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As memorable a Shakespeare staging as I’ve ever seen. RSC’s Troilus and Cressida 1985

October 6, 2015
Troilus and Cressida - 1985 Royal Shakespeare Company Royal Shakespeare Theatre Directed by Howard Davies Designed by Ralph Koltai

Troilus and Cressida – 1985
Royal Shakespeare Company
Royal Shakespeare Theatre
Directed by Howard Davies
Designed by Ralph Koltai

Young, very young, very very young me went to see this.  Shakespeare’s Trojan War anti-epic in nineteenth-century dress at the Barbican Theatre.

This was the very wonderful cast list…

Alan Rickman               Achilles

Alexander Wilson         Aeneas

Joseph O’Conor           Agamemnon

Clive Russell                 Ajax

Roger Hyams               Alexander/Myrmidon

Janet Dale                     Andromache

Richard Conway          Calchas

Mary Jo Randle           Cassandra

Juliet Stevenson          Cressida

Bruce Alexander          Diomedes

David Burke                  Hector

Lindsay Duncan           Helen

Paul Spence                   Helenus

Brian Horstead             Menelaus

Mark Dignam                Nestor

Mike Murray                  Myrmidon

Clive Merrison               Pandarus

Sean Baker                      Paris

Christopher Wright      Myrmidon

Hilton McRae                Patroclus

Colin Douglas                Priam

Gerard Logan                 Prologue

Alun Armstrong             Thersites

Anton Lesser                  Troilus

Russell Boulter               Troilus’ servant

Andrew Yeats                  Trojan gent.

Geraldine Wright           Trojan lady.

Peter Jeffrey                    Ulysses

 

Rereading Troilus and Cressida recently it seems to me an odd duck indeed.  Structurally confused and in places decidedly uninspiring.  When I saw it staged in 1985 though, it felt like one of the most extraordinary plays ever conceived however.

To begin with, it is funny.  In performance it is very very funny, when done right.  Alun Armstrong was a hypnotically po faced comic genius in the role of the railing Thersites, the bitterest of all Shakespeare’s bitter clowns.  I can still hear Alun Armstrong describing Menelaus in my head.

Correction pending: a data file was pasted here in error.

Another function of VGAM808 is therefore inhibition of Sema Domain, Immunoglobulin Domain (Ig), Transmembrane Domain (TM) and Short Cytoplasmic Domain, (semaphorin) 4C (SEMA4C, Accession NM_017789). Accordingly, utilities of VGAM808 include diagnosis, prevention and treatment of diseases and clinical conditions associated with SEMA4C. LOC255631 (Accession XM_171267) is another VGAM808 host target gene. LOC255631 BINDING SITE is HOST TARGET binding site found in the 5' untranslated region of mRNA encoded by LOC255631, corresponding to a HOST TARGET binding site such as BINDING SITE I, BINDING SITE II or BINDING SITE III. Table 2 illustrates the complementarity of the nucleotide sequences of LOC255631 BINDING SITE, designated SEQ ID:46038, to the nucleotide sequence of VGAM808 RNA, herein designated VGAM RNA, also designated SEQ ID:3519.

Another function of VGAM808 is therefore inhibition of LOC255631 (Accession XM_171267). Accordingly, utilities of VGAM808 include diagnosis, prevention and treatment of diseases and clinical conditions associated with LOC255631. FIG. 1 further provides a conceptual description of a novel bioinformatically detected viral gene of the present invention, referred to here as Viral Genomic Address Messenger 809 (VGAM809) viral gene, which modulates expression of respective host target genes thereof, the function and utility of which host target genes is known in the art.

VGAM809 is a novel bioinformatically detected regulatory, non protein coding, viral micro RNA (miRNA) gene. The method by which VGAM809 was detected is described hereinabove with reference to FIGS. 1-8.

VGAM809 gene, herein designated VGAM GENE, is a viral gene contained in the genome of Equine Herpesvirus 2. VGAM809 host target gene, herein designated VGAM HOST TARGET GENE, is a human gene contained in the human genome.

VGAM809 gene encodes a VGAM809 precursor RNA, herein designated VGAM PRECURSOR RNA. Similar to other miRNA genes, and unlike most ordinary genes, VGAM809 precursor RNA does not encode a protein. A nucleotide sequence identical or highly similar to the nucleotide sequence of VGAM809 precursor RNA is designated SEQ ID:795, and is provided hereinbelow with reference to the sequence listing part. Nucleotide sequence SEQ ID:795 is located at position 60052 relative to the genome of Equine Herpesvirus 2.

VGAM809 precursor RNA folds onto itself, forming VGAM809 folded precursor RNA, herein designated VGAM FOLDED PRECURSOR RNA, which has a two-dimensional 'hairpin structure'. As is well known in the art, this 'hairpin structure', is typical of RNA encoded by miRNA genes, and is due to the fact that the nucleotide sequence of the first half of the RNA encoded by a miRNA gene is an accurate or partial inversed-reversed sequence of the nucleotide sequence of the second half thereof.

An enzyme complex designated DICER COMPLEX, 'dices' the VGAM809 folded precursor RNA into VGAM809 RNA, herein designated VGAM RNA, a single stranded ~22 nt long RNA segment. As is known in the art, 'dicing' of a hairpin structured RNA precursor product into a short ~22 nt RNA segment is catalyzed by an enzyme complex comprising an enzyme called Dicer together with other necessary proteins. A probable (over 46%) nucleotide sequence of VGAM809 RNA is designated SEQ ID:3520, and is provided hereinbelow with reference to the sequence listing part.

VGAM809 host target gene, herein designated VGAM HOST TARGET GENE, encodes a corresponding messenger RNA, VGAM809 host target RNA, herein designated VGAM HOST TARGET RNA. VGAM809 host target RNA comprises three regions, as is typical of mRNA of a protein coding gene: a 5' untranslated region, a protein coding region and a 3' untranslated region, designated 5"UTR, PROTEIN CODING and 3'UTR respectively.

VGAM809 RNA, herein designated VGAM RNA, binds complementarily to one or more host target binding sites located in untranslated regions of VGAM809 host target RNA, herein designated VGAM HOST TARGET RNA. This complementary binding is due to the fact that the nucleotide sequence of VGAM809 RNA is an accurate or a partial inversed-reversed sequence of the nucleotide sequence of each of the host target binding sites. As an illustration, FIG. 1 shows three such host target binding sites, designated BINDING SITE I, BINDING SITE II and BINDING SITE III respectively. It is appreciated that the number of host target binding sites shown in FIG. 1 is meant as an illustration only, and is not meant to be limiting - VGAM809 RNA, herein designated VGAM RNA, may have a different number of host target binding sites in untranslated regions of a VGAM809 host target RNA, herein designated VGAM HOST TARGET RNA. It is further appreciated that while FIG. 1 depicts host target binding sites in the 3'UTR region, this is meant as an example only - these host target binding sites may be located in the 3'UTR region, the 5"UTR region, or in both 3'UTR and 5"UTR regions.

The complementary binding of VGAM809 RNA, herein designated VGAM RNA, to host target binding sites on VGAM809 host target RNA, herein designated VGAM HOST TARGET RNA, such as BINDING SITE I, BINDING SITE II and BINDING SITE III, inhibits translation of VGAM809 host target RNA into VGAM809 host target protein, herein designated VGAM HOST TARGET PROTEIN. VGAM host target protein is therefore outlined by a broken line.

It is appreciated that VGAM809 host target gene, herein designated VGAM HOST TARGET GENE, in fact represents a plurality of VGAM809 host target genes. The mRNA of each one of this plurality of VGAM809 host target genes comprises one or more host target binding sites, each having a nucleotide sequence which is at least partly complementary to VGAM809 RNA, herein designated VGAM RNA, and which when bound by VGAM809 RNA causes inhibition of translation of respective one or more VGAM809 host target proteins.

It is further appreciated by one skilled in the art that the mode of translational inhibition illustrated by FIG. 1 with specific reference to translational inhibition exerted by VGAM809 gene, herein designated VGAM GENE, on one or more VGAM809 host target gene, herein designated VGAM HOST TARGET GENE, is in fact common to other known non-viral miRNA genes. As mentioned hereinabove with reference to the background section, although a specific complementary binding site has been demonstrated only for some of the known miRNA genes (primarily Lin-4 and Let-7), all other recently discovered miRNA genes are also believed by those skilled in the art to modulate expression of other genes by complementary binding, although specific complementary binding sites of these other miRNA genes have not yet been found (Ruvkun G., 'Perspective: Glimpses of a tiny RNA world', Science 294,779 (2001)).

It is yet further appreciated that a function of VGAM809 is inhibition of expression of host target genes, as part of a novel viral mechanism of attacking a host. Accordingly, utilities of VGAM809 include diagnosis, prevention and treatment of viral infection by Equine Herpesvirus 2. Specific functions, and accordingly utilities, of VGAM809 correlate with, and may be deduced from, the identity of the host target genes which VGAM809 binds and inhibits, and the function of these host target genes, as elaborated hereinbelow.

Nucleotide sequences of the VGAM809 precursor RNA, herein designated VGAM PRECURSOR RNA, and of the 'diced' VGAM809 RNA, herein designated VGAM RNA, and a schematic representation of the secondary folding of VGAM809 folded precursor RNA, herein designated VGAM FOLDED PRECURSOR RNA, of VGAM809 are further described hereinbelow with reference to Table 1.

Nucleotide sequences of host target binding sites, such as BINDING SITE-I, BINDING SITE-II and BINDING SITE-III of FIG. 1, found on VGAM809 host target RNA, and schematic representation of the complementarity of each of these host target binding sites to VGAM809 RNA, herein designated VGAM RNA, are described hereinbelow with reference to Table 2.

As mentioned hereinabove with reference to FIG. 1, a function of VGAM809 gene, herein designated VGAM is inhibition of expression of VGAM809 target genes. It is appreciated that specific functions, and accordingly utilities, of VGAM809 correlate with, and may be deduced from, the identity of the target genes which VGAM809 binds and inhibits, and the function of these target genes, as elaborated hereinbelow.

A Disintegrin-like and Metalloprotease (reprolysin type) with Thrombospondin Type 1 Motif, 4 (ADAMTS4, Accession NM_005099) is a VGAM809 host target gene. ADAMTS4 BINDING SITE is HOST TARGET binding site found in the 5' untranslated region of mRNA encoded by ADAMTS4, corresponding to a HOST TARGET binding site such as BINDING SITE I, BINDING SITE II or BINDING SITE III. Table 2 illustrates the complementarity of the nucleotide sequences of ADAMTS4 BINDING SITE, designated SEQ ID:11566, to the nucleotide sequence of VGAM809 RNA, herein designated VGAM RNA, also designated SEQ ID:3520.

To an ass, were
nothing: he is both ass and ox. To an ox, were nothing: he is both
ox and ass. To be a dog, a mule, a cat, a fitchew, a toad, a
lizard, an owl, a put-tock, or a herring without a roe, I would
not care; but to be Menelaus, I would conspire against destiny.
Ask me not what I would be, if I were not Thersites; for I care
not to be the louse of a lazar, so I were not Menelaus.

Yet Greeks and Trojans alike deserve Thersites.  Homer’s cast list is reduced to a pack of violent imbeciles and slow-burning soulless manipulators, such as Ulysses as played by the incomparably oily and dangerous Peter Jeffrey.

There is scope for Troilus and Cressida to restage (or anticipate) Romeo and Juliet with star-crossed lovers paying the price of the internecine feuds of others.  But no.  Instead of lovers who pay for the price of their love’s purity with their own lives, Troilus and Cressida survive (the play at least) but are morally degraded along with everyone else.  There is no real explanation for Cressida’s infidelity other than the vague flavour of the times, the “way of the world” and Troilus loses all dignity with the shock of his discovery.  Let’s face it – sexual jealousy is rarely productive of tragic composure.

I remember being very struck by Alan Rickman’s Achilles, though it’s just as well that way back when – I had absolutely no idea who Alan Rickman was.  If I had watched this Alan Rickman, knowing Alan Rickman as we all do, I might have thought he was lurching into self-parody.  Nobody does sneery villainy like Alan Rickman (except for Paul Darrow), and I remember being horrified by the callous way in which his orders his Myrmidons to cut down the (relatively) heroic Hector.  Because I didn’t (yet) know how sneery Alan Rickman can be, I didn’t see Alan Rickman.  I just saw Achilles.

But I’m not sure that I’ve ever been as impressed by anyone on a stage as by Clive Merrison as Pandarus.  Pandarus is not considered one of the great Shakespearean roles.  But Merrison gave it a swagger and an energy and a pathos and a sorrow that haunted me that night and oddly enough haunts me still.  Pandarus is the character who most believes in the possibility of love, who most wants love to happen.  He’s Friar Lawrence and Nurse rolled into one.  He’s a go between – the prototypical eponymous “pandar” yet he has this strange sense of beauty and opportunity.  When Clive Merrison’s Pandarus bequeaths us his diseases at the end, it’s like a final knife blow to the heart, or to the very idea of having a heart.

Yeah, I have never seen more powerful and affecting Shakespearean acting than from Clive Merrison at the RSC in 1985.

You see, this staging, thirty years ago, offered something so richly nasty, so glitteringly unfair, so hypnotically bleak, that it lives with me today.  It plays in my head. Still.

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